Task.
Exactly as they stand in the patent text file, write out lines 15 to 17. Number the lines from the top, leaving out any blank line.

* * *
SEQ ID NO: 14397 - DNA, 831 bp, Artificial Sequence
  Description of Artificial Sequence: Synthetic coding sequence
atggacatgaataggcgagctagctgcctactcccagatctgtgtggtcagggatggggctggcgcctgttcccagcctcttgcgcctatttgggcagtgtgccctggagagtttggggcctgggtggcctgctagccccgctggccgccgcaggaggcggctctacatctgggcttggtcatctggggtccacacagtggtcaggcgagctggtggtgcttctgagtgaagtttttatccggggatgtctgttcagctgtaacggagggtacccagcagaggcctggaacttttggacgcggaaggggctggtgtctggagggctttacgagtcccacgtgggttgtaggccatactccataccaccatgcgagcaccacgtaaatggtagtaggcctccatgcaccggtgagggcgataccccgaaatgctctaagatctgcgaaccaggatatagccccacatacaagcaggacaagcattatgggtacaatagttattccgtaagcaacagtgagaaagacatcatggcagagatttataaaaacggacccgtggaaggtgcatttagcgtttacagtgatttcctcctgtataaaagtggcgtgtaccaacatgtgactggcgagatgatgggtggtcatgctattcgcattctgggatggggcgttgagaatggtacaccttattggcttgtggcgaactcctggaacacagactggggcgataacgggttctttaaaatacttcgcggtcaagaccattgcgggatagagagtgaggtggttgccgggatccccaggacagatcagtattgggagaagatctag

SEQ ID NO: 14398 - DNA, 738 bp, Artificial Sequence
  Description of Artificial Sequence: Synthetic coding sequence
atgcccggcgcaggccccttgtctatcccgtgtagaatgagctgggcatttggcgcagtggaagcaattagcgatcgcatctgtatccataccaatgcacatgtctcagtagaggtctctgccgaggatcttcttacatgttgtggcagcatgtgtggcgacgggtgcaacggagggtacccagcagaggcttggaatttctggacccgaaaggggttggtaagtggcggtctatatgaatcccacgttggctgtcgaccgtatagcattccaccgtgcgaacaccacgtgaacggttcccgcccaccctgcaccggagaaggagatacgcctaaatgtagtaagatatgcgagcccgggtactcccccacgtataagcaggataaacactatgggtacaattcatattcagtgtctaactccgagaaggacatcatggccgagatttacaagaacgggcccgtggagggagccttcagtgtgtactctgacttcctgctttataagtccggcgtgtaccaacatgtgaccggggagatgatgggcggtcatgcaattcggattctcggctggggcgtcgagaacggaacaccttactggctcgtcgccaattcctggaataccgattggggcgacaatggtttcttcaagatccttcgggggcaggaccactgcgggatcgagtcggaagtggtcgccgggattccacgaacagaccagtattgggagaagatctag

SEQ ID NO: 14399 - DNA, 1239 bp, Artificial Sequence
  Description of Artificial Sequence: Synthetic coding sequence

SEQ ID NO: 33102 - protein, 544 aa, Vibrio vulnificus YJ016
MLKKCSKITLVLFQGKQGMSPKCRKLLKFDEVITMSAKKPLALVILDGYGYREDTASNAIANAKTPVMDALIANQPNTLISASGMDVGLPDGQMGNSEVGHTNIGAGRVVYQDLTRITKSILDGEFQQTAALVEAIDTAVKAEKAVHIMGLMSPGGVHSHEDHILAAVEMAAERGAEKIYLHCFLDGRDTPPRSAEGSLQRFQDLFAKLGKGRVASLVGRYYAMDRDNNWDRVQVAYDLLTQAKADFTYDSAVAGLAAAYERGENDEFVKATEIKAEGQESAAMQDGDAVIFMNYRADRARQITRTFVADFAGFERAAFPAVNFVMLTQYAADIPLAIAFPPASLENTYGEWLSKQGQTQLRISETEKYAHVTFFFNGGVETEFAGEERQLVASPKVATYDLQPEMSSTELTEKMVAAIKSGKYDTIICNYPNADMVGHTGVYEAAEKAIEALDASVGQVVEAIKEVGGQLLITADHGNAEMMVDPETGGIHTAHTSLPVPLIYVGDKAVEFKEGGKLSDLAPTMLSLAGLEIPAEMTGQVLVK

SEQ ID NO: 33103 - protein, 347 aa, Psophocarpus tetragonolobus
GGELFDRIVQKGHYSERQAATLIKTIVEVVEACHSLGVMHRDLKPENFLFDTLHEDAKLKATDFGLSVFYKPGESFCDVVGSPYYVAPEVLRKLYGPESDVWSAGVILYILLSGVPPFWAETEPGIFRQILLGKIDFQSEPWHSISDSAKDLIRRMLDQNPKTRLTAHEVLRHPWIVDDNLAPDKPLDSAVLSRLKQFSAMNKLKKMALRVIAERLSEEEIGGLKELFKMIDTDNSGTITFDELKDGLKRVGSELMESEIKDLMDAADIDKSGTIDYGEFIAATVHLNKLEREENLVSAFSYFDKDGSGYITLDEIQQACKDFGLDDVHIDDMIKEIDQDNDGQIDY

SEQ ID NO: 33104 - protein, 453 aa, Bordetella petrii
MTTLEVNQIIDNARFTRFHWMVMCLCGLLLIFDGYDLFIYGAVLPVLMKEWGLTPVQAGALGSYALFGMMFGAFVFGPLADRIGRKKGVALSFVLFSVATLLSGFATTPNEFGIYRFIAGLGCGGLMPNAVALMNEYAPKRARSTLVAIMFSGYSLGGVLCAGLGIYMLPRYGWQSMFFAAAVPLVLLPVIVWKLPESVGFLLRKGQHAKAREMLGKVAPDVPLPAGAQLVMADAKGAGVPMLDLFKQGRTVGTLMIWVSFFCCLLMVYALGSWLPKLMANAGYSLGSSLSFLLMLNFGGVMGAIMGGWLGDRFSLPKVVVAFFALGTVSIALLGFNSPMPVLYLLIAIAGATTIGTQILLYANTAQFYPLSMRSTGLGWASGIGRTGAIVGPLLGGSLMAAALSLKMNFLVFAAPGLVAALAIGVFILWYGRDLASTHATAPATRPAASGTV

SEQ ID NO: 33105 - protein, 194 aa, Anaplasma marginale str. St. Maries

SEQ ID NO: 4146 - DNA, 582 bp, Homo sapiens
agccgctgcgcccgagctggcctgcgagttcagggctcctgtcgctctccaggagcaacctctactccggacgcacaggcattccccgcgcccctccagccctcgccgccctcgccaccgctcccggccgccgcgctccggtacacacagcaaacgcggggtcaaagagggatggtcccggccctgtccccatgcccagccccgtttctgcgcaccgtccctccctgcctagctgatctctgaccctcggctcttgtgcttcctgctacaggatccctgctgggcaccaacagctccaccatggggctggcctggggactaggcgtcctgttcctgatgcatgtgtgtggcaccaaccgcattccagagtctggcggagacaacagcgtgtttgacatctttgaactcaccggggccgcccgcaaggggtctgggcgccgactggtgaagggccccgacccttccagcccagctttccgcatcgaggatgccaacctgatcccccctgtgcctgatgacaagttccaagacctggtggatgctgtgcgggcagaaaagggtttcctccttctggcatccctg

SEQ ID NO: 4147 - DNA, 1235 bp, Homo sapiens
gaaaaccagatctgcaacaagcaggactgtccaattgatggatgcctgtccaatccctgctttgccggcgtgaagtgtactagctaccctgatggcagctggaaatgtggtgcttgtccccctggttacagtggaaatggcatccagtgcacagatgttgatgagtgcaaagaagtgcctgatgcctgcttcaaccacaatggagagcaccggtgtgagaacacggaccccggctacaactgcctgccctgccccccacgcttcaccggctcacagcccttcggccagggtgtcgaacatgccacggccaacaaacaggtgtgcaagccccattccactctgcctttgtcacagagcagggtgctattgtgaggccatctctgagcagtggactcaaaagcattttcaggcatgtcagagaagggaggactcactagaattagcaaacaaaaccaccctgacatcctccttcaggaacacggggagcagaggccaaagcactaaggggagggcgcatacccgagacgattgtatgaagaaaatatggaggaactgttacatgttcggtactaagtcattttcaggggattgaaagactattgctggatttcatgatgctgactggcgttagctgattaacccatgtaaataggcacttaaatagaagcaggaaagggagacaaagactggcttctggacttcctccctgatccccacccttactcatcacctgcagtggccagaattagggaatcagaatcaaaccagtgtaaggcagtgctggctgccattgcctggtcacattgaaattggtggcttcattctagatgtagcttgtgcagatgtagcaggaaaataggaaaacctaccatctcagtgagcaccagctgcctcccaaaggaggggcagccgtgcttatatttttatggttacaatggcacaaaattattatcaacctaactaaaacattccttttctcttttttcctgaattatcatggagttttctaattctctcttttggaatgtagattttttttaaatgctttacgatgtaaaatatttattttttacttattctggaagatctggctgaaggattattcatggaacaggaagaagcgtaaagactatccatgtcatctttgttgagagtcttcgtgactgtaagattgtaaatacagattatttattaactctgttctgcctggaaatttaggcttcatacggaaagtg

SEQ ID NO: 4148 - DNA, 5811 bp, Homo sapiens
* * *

SEQ ID NO: 33105 - protein, 194 aa, Anaplasma marginale str. St. Maries

SEQ ID NO: 4146 - DNA, 582 bp, Homo sapiens
agccgctgcgcccgagctggcctgcgagttcagggctcctgtcgctctccaggagcaacctctactccggacgcacaggcattccccgcgcccctccagccctcgccgccctcgccaccgctcccggccgccgcgctccggtacacacagcaaacgcggggtcaaagagggatggtcccggccctgtccccatgcccagccccgtttctgcgcaccgtccctccctgcctagctgatctctgaccctcggctcttgtgcttcctgctacaggatccctgctgggcaccaacagctccaccatggggctggcctggggactaggcgtcctgttcctgatgcatgtgtgtggcaccaaccgcattccagagtctggcggagacaacagcgtgtttgacatctttgaactcaccggggccgcccgcaaggggtctgggcgccgactggtgaagggccccgacccttccagcccagctttccgcatcgaggatgccaacctgatcccccctgtgcctgatgacaagttccaagacctggtggatgctgtgcgggcagaaaagggtttcctccttctggcatccctg